Flying for the fun of it still requires serious attention to detail, of course. The following books document all different aspects of an experience that, when done well, could never be called a "hobby."
The Student Pilot's Flight Manual (Ninth Edition) by William K. Kershner (Iowa State University Press/Ames, 1998). Even if you have no plans to pursue a pilot's license, you'll want to keep this book on hand for explanations of aerodynamics, cockpit instrumentation, navigation techniques, airspace classifications, sectional charts, and the occasional Kershner cartoon of a pilot who has gotten himself into a dicey situation; one is captioned: "The roughness of the engine is directly proportional to the square of the roughness of the terrain and the cube of the pilot's imagination."
Fly Low, Fly Fast: Inside the Reno Air Races by Robert Gandt (Viking, 1999). This book provides a riveting account of the 1997-98 Reno Unlimited-class air races and intimate portraits of the colorful characters who race the souped-up World War II fighters at death-wish speeds and altitudes in the high desert. Gandt's writing style is reminiscent of Tom Wolfe's The Right Stuff ("Whooooom! The T-33 flashed overhead. Hinton could see that Smoot had gotten stopped. He'd avoided the great fighter-eating abyss out there in the desert").
Skyward: Why Flyers Fly by Russell Munson (Howell Press, 1989). Scattered among Munson's stunning photos are interviews with a cross-section of pilots: a Concorde captain, a P-51 owner, a corporation president who started flying at 49, and now, at 71, flies her own Cessna Citation. A book editor admits that when weather prevents him from flying his Cessna 172, "I'll go out sometimes and just sit in the damn thing." One of Munson's own stories recounts the challenge of logging 13.5 hours in a DC-3 to get a type rating. On DC-3 brakes: "It's like the first time you stomped on the power brakes of a '55 Chrysler and launched your Mom into the glove compartment." One vertigo-inducing photo captures Munson's blue-jeaned legs suspended 1,000 feet over North Carolina's Outer Banks in an Eipper-Formance ultralight.
Flight of Passage: A Memoir by Rinker Buck (Hyperion, 1998). In 1966, the author, then 15, and his brother, 17, flew their immaculately restored Piper Cub from New Jersey to California, on a mission to emerge from the towering shadow of their father, a former barnstormer, and simultaneously earn his respect and their independence. This coming-of-age classic, told from the cockpit of an airplane with nothing more than a compass to guide it from coast to coast, reached a broad audience but was especially treasured by the aviation community.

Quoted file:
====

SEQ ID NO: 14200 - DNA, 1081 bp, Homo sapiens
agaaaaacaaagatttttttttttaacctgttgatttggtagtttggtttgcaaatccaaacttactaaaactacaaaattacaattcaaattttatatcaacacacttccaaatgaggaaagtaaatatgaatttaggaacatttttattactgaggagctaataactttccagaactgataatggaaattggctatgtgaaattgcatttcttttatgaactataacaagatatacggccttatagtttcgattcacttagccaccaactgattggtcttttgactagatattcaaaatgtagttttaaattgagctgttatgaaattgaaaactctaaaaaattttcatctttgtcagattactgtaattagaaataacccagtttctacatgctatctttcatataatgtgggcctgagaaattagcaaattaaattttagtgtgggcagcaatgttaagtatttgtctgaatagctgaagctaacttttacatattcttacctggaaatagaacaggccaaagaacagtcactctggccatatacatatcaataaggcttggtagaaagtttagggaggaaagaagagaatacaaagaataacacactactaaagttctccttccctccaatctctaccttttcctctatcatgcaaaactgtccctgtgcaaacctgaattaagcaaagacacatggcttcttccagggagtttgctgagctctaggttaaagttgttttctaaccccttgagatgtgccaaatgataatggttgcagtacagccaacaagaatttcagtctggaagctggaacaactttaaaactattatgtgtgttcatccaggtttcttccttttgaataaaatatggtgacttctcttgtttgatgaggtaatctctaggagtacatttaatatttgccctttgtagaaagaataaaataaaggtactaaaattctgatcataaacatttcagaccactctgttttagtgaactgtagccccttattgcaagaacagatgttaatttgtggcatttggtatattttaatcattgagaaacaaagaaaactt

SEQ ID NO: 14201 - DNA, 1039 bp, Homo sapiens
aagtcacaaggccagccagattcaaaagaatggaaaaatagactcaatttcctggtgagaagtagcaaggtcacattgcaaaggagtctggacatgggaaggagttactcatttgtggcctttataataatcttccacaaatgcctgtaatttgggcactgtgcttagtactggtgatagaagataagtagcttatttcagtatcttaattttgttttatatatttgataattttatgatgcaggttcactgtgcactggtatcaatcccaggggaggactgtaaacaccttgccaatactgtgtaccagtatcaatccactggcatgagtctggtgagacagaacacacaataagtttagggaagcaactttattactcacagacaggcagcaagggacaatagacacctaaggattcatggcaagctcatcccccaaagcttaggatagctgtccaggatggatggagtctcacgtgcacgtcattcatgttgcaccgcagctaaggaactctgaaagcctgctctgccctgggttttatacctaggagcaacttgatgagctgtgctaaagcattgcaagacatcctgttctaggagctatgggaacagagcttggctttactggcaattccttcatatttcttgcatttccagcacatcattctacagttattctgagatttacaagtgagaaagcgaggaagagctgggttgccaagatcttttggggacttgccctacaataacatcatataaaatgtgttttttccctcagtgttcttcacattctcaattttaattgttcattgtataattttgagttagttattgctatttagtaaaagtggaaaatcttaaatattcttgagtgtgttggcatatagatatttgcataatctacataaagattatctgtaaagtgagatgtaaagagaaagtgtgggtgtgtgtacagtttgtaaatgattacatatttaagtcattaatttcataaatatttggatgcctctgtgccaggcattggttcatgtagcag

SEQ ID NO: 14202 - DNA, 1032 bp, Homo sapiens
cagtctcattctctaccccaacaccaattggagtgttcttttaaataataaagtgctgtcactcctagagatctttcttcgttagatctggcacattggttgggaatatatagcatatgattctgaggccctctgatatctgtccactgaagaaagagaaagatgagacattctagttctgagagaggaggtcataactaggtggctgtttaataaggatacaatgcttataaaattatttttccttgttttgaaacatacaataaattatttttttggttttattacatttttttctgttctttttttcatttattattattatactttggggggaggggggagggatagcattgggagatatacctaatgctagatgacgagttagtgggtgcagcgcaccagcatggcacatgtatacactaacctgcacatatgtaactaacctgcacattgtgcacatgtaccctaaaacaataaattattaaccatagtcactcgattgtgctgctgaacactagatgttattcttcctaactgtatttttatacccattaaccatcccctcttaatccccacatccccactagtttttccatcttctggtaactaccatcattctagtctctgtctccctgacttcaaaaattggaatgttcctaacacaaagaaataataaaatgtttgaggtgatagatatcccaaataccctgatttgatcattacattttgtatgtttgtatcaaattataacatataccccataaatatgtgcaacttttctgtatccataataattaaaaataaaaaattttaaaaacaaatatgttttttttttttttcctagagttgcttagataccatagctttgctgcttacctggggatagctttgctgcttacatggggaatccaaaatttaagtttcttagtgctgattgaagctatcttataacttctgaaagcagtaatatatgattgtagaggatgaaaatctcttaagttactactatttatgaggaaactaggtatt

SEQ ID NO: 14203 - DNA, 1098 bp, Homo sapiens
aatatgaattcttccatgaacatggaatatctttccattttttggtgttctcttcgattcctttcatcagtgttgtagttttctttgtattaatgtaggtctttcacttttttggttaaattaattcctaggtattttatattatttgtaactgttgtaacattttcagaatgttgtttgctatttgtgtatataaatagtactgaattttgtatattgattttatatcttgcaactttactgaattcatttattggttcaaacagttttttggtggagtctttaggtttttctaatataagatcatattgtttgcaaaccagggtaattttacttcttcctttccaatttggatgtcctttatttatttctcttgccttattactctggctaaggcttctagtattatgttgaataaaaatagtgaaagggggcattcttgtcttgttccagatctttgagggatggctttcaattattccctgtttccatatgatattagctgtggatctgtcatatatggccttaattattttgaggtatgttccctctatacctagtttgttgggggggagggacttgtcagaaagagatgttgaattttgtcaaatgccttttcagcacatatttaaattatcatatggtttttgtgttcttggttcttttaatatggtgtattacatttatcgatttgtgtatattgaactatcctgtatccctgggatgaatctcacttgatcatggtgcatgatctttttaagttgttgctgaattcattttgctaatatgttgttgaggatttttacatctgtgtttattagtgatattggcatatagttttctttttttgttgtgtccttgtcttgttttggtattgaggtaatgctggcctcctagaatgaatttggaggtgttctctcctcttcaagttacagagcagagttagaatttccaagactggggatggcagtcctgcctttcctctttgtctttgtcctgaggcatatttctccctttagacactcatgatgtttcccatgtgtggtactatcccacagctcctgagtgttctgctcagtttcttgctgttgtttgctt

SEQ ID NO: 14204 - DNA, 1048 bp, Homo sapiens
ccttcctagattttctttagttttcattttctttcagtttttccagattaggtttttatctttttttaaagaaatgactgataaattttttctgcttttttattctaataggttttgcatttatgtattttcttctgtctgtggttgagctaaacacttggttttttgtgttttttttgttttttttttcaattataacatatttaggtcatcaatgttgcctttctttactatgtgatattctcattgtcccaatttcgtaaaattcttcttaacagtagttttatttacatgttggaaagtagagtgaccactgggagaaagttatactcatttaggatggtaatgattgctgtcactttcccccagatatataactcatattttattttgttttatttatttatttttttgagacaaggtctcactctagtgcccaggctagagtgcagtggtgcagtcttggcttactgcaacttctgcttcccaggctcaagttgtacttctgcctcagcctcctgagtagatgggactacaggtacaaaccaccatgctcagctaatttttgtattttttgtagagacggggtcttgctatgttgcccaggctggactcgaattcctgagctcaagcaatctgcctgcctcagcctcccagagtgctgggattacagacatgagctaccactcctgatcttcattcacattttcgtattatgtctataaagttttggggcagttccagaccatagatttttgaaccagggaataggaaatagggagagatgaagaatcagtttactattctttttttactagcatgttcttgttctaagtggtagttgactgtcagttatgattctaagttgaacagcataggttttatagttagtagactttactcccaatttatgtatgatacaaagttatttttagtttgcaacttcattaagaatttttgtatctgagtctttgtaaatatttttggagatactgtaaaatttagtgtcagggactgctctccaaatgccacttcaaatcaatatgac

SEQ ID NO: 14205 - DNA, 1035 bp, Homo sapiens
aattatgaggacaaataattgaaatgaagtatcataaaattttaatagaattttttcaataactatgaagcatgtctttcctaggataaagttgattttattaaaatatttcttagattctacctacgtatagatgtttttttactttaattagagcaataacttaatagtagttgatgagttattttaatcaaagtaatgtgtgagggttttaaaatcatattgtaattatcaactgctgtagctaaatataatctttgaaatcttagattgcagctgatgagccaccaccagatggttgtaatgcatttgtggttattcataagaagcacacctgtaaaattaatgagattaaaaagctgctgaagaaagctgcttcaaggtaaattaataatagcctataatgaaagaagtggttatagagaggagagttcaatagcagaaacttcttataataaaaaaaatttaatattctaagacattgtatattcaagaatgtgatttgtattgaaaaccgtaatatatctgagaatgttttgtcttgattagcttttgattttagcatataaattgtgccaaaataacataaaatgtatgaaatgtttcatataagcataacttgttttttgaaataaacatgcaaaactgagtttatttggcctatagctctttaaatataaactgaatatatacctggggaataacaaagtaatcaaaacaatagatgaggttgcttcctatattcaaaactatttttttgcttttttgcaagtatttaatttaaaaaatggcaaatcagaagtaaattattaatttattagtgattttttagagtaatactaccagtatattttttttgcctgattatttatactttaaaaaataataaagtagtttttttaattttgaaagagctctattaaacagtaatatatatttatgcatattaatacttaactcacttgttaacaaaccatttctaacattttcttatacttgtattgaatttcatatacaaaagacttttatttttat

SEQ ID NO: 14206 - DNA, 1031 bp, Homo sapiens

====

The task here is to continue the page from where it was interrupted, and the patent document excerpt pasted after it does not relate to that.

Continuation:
The Airman's World by Gill Robb Wilson (Random House, 1953). The modest exterior of this book conceals a treasury of penetrating aviation poetry and prose. Each of the 33 writings is paired with a full-page black-and-white image by some of aviation's greatest photographers. Many of these pieces first appeared in Flying magazine during the 1950s. Wilson was a pilot during World War I, an ordained pastor in the 1920s, a New Jersey state aviation official in the '30s, a newspaper correspondent in the '40s, and Flying magazine's publisher and editor in the '50s and '60s. He was a co-founder of the Aircraft Owners and Pilots Association, an architect of the Civil Air Patrol, and a participant in the creation of World War II's Civilian Pilot Training Program. It is his gift of communicating that earns this unpretentious volume a place on your bookshelf.
Photography & Art books
Can the experience of flight be fully rendered with language alone? These books supplement the written literature with visual images, some so powerful they have an almost physical effect on the reader/viewer.
Steichen at War by Christopher Phillips (Harry N. Abrams Inc., 1981). A master photographer's black-and-white photographs documenting World War II, including the airplanes and air crew.
Women and Flight: Portraits of Contemporary Women Pilots by Carolyn Russo (Smithsonian Institution Press-Bulfinch Press, 1997). A National Air and Space Museum staffer's strong black-and-white portraiture of women fliers, from student pilots to pioneers.